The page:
Richard said...

I, too, was at the game last night and, yeah, ditto what Section 222 said! The booing was due to disappointment and not directed at Batista. (I didn't boo, of course. I've only booed once, at a Nats game this year when years of frustration suddenly ovewhelmed me on play where a seeming lack of fundamentals caused a real bone-headed play. I like the sentiments expressed by other bloggers, though, who think booing reflects a very much needed baseball passion in DC. I may boo again.)

NatsJack in Florida said...

Booing...Schmooing.... this post is about Strasburg.

Let me be the first to say, if he receives a shot of cortisone as one poster suggested, I say he's done for the season.

If, however, he is experiencing the discomfort that comes from pitching every fifth day with a 60-70 pitch throwing session in between, he may and probably is feeling shoulder tightness that he's never felt before.

Cudos to him for mentioning it and kudos to Rizzo for shutting him down.

This is akin to hitting the gym and increasing your normal work out to a point where soreness comes into play.

Hopefully, he'll have a session tomorrow or Friday and realize the soreness dissapates with a little longer session.

But absolutely NO CORTISONE!

Sunshine_Bobby_Carpenter_Is_Too_Pessimistic_For_Me said...

If that's the real Miquel Batista, give me Miss Iowa any day. Batista did something that Jesus never has done: pitch shutout ball for his entire stint.

On booing: people were disappointed, that's all. Thank god it wasn't against Philadelphia, or else All Those Phillies Fans would have burned down the city, a la the British in 1812.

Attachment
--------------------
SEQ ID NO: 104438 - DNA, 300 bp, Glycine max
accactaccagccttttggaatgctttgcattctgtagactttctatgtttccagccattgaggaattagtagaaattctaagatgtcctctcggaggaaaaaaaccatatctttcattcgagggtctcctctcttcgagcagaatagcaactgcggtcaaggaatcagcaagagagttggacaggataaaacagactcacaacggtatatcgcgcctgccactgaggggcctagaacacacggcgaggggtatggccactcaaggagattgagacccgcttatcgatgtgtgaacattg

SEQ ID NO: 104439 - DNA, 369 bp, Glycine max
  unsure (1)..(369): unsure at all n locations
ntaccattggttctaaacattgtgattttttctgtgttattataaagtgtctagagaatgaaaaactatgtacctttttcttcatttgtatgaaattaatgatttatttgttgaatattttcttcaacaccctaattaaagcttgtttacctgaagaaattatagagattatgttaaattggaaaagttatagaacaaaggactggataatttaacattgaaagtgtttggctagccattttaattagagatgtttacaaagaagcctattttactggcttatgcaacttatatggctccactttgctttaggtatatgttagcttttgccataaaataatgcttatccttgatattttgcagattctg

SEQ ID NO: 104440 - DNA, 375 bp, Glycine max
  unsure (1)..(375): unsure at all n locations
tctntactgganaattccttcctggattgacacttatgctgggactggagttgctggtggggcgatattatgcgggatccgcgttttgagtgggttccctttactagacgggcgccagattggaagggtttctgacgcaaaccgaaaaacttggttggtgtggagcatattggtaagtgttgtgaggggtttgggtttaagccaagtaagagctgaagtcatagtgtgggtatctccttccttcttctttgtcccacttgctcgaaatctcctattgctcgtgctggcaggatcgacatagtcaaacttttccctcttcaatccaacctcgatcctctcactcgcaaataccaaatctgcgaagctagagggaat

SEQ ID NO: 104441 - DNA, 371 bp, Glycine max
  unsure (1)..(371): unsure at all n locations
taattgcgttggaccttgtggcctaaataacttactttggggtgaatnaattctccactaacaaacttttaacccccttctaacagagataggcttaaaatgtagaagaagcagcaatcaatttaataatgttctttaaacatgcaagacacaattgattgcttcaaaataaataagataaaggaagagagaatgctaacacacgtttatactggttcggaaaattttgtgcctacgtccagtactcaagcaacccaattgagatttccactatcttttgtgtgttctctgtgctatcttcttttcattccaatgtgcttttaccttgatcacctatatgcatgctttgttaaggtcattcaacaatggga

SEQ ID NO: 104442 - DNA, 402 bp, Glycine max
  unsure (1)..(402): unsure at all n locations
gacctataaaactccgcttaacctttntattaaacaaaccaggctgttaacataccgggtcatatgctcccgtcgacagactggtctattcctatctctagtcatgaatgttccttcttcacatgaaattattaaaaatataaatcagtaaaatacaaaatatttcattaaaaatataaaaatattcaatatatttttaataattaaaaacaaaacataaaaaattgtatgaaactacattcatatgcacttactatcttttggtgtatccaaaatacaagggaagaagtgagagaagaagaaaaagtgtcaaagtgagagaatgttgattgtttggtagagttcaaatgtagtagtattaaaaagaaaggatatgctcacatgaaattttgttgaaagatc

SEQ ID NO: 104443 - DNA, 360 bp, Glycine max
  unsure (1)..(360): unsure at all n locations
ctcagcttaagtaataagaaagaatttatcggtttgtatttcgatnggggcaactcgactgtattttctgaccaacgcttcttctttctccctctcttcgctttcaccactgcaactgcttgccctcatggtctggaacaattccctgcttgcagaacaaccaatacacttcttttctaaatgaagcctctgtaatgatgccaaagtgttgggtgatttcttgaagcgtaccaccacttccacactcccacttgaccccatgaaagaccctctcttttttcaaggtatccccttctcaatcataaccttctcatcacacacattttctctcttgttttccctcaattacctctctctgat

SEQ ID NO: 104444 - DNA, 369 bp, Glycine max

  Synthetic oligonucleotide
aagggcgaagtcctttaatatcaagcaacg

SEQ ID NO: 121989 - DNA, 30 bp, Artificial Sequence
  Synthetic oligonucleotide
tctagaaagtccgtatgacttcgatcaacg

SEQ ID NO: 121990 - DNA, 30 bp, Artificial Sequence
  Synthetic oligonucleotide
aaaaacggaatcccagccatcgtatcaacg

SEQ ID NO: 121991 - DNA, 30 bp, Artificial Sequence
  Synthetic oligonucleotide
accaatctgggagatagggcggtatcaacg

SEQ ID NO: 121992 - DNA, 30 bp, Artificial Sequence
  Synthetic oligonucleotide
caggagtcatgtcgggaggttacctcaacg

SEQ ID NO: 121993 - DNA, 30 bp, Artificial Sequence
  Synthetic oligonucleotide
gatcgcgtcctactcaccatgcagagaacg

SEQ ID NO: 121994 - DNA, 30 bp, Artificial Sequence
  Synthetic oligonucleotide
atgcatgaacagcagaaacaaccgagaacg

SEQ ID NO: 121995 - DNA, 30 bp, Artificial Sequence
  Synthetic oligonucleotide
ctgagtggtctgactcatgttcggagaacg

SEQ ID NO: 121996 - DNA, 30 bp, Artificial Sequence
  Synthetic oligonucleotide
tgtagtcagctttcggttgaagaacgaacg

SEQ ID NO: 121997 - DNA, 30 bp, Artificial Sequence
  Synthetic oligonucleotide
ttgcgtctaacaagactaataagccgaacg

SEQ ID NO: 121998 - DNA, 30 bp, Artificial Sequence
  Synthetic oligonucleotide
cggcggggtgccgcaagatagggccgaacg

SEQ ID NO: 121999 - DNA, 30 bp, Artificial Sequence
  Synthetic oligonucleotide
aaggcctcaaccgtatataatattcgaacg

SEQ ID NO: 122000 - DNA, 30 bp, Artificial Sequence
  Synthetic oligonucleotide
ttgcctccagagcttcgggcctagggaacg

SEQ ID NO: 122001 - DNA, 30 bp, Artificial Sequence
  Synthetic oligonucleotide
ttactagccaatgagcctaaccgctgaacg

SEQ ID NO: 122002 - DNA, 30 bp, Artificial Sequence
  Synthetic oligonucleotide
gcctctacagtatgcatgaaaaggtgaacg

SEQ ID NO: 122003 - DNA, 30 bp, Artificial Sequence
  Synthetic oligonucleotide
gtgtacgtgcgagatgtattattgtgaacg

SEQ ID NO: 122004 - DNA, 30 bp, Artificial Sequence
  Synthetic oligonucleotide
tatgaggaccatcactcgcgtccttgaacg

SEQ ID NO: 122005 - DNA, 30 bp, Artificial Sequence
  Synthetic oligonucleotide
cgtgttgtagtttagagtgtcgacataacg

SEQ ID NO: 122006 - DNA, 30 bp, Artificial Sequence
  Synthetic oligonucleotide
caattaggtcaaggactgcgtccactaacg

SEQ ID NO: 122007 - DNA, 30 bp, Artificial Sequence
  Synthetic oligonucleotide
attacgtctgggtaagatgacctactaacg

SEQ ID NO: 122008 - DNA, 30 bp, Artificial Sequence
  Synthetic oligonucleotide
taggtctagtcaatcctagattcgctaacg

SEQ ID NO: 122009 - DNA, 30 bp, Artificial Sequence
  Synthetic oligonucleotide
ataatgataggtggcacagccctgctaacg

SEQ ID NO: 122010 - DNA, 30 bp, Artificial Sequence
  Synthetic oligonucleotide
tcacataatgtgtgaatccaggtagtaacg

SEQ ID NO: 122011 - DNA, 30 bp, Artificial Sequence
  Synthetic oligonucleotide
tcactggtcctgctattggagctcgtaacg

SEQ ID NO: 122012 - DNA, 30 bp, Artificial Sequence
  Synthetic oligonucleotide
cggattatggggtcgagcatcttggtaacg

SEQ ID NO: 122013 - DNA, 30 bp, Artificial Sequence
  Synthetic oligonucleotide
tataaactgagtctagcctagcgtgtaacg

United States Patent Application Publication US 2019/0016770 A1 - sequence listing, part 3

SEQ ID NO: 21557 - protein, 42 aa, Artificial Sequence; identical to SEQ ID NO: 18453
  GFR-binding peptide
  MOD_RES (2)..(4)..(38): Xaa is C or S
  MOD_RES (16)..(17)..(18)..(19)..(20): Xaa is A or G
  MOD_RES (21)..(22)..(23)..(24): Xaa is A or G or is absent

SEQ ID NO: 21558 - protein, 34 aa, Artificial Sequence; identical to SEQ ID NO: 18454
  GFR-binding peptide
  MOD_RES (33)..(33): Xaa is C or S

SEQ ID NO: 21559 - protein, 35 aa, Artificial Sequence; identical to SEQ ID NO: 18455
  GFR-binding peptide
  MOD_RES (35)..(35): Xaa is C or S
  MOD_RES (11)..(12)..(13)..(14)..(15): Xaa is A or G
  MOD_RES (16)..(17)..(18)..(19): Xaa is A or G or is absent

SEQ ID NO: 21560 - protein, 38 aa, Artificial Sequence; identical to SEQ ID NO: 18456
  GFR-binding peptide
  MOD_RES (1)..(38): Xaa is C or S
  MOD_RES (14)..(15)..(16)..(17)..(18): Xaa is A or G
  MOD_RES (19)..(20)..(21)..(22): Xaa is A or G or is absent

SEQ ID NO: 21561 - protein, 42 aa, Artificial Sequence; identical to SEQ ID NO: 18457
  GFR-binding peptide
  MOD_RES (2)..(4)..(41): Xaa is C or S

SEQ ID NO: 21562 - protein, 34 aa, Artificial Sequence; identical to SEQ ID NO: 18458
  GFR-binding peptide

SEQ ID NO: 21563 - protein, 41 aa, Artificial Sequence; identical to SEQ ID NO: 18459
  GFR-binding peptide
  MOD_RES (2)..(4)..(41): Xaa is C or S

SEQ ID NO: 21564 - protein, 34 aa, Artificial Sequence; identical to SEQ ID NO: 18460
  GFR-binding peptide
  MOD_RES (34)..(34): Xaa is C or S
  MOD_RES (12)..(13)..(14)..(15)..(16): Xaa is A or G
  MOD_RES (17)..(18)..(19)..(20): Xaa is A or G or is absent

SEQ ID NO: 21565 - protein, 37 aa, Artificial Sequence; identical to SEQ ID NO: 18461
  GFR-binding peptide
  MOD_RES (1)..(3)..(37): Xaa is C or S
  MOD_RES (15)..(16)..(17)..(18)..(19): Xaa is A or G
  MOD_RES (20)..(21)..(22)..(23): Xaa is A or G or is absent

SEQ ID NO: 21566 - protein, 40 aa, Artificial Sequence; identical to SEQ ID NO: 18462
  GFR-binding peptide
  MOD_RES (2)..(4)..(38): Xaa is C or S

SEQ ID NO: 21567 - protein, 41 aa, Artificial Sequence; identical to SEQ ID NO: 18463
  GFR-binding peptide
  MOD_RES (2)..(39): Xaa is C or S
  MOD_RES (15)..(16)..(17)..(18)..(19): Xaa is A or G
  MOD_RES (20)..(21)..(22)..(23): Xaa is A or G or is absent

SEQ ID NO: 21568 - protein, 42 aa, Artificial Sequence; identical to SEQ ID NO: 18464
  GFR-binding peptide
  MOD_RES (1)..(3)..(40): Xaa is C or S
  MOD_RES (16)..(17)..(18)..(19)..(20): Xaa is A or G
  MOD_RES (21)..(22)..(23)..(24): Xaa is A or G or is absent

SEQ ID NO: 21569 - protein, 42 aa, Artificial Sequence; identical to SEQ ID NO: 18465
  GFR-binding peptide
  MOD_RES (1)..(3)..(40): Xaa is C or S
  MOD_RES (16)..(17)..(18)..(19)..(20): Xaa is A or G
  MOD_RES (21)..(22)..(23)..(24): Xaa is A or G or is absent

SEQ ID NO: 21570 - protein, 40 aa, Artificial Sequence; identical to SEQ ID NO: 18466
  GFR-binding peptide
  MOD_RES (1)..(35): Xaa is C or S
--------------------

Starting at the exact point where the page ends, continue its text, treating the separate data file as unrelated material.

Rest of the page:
I was sitting next to Sec. 222 and he's right. People hung until the end of what might have been the Nats' cleanest game of the year.

For what it's worth: Jesus's next start? Opening Day, 2011.

alm1000 said...

I was there and I booed - Batista. He stepped in an picked the team up BUT that doen't mean that he belongs on this team taking a roster spot that one of our young arms could better fill. Can't remember the last time I booed the Nats, but you can be sure that I boo the other team regularly - especially Phillies and Braves.

I think Rizzo did the right thing being cautious w Strasburg, but I also agree that we need to get his inning up this year so we are not starting from the same 160 max innings limit again next year.

nats rising said...


Your comment is very significant. How many Nats pitchers have tried to work through some kind of pain without telling anyone about it and ended up on the DL or worse? At least Strasburg is smart enought to tell someone there's a problem. Maybe it's the difference between being a lock to pitch long-term in the majors versus someone like Stammen who is on the bubble.

Contract Bud Selig said...

Even before last nite's Miss Iowa performance, I have never understood all the Batista hate (not just here but on other Natmosphere threads.

He's not spectacular, but teams could do a helluva lot worse than a multi-inning reliever with an ERA around 4. He's also only costing that Nats $1 mil, so it's not like he's a salary albatross. IMHO, a shrewd pickup by Rizzo.

Anonymous said...

It's nice for Riggleman that Rizzo made the decision.

It also ticks me off that some people just come to see Strasburg - they aren't even fair weather fans.

He'll pitch in Sunday's game or the next, or be on retroactive 15 day disabled list (AKA:10 day) pitch a little and then resume to start games. He needs to get to 160 innings and the Nats need to bring in fans. He is just exhausted and needs a break; it's not uncommon amongst pitchers in MLB. Go ahead and look up how many pitchers don't miss a start in the course of a season.

But, it is very convenient timing before the trade deadline for Rizzo to leverage the Lerners for a greenlight to trade for pitching prospects.